The same friend who showed up at my workplace and watched me cry and cry and cry later sent me a text with a link to a song. It had been a horrific day. Horrific.Worst of the worst. I was out of options.  I was in the lowest of low places. I didn't want to listen to it. I knew that she has a very simple and very profound faith in a God that I do not have a simple faith in.  I do not have good connotations with that God and I really didn't want to have anything to do with anything that would remind me of Him at that time.  But! If a friend takes enough time out of their day to think of me, and send me a kind wish and then goes so far as to look up a link and send it to me in an effort to help me, well then dammit the least I can do is listen. That's just good manners. Suicidal depression aside. Good manners trumps all.  I lay in my bed under my covers and listened. The song was short, it was tender and the message was simple. There was an oblique reference to God but I inserted my kind friend's face in there instead. Actually the faces of many kind people in my life flashed before me one by one.

And then one line broke through the stoic ice cold numbness I had summoned to protect my fragile heart and broke it:

....you can't expect to be perfect, it's a fight you have to forfeit so
lay down your weapon, 
darling take a deep breath and believe that I love you. 
Be kind to yourself. Be kind to yourself.
You've got to learn to love your enemies too.

My breath caught. The tender nurturing simplicity of the injunction broke through my cold self loathing determination and I sobbed again. Just for a moment. I'm sorry to say that crying doesn't come easily to me because I think it can be very cathartic. I wish I cried more easily. But it was enough. Enough to break the cold clinical devastating spell of what I thought I should do and had to find the courage to do to make everything ok for everyone else.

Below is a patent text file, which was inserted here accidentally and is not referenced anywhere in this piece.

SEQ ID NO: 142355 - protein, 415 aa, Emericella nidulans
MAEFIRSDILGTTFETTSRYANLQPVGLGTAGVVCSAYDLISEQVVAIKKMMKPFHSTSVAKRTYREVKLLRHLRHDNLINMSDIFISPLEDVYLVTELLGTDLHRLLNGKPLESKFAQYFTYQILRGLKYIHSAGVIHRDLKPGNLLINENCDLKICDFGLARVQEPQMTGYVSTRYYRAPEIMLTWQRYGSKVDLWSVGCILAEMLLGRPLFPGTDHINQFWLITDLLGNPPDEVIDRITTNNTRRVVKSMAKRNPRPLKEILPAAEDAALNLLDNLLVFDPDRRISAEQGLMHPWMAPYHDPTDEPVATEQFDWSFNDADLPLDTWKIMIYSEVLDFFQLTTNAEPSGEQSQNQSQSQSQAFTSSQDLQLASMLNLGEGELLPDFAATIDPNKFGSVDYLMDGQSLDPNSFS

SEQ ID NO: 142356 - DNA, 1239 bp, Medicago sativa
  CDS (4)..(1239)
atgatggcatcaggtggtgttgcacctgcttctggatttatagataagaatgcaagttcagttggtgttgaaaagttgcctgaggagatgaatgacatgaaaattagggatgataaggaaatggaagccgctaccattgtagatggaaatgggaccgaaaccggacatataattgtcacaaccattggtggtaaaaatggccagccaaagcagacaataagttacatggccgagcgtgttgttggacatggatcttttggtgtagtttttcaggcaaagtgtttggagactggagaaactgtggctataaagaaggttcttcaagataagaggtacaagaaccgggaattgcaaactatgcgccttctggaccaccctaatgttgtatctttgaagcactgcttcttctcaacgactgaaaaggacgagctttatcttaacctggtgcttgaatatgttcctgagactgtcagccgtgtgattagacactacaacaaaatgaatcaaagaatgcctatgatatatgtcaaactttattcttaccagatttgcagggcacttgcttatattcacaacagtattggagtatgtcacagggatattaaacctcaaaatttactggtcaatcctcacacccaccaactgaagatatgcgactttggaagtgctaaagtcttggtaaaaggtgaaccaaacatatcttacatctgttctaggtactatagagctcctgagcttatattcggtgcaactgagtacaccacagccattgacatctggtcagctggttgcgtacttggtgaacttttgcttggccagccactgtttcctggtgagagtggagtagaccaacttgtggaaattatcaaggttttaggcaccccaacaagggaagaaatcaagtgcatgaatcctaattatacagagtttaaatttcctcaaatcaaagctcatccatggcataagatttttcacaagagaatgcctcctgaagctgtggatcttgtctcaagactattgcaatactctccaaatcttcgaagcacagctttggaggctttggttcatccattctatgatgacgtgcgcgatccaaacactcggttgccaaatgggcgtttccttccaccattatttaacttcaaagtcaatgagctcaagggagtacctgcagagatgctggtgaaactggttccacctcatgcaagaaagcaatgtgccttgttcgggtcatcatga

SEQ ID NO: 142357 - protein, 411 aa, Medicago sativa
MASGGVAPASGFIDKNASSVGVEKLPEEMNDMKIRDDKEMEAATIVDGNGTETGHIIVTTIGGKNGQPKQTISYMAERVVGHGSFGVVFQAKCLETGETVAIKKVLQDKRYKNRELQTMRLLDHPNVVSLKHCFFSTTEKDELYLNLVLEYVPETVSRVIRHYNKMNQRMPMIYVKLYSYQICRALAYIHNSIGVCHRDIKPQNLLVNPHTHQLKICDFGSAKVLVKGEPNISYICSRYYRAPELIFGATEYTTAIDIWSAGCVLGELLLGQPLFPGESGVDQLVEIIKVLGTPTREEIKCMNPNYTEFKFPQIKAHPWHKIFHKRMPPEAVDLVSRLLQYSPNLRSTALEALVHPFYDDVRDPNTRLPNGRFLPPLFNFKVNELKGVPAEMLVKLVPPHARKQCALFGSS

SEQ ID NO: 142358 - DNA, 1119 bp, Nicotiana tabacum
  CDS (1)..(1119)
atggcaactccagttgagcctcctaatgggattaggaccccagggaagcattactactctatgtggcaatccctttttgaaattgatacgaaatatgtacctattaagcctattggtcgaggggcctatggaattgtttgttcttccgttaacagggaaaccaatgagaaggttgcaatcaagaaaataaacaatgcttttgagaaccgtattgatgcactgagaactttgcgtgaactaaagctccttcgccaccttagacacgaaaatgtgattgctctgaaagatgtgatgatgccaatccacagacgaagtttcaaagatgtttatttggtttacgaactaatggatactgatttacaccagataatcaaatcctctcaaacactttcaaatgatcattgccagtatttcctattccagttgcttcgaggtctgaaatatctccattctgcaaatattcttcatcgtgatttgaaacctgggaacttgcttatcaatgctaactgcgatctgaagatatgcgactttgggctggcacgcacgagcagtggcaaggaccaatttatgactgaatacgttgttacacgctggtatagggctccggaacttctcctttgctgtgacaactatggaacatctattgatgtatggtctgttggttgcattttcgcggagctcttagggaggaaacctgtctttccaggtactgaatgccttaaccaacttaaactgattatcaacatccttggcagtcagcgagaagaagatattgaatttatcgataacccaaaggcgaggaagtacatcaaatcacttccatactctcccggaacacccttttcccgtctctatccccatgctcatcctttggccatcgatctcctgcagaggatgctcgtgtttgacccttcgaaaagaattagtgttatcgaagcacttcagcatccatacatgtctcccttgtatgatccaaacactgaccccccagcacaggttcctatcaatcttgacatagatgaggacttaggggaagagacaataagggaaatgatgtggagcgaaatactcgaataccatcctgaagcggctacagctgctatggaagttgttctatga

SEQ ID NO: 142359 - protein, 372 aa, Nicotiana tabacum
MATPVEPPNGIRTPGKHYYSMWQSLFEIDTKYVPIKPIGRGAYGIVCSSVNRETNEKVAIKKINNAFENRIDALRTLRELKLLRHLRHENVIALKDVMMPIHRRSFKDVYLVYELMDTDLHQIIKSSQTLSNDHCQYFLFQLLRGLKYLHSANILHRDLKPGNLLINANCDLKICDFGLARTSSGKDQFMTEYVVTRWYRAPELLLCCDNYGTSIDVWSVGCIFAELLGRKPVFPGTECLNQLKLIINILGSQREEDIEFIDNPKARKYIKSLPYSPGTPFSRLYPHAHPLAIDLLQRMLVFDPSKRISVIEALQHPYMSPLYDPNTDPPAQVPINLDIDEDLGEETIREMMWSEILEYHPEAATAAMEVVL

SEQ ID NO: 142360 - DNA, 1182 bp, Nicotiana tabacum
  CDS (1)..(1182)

Later by some miracle, I managed to go for a run,  the song rolled around on my playlist and again that same line emerged, I felt my step quicken so that I could keep my composure but again it broke me. As I ran I sobbed and sobbed. I felt humanity. I felt a tiny shred of kindness toward myself, the self that was also the enemy. Maybe not something not quite as powerful as kindness but an acknowledgment at least, that the light within me deserved to you know...not be snuffed out..... I'm not sure, to be honest how to explain how I felt. But it was something. Enough to get me through the day.

Since then, I'm getting through the day. Sometimes one minute at a time, sometimes hours flow fairly effortlessly by. Generally it's a minute by minute thing.

You guys I wish I had a happy spin or pretty bow for this story. I do. It seems like that would be the kind way to end this. But another line from the song, the title of this blog post which asks, "how does it end?"  This war in my head. Just me against me against me?

 And I can't tell you. I just can't.

 I can tell you that:
I've overcome a lot to be where I am, however tenuous that place might be I've had a part in bringing about some truly nice people into the world. And I do remember even as a young child experiencing trauma confidently innately believing that all would be well, if it had to happen to someone I was glad it was me because I'd be ok. I knew I was strong and I knew I could make bad things turn out to be good lessons. I knew it would make me kind and more compassionate.

 But it would appear that I forgot about myself.  Compassion is supposed to be turned inwards too. I talk a pretty good game about that. But when it comes to me, I don't feel it.  I don't see the point in it. I don't see much value in me. Keeping it real. Right now I see myself as infinitely disposal and dispensable, completely replaceable. But I also tell myself that while I may be dispensable, first do no harm. First be kind. Be kind where you can and give what you have. Right now, I don't have much to give.  But I do know that sharing my pain in the past has been kind. People have told me it has helped them. And so I hope it does.

If you can; be kind to yourself today. If you can take a deep breath darling, and lay down your weapon and just be kind to yourself today. I hope you will.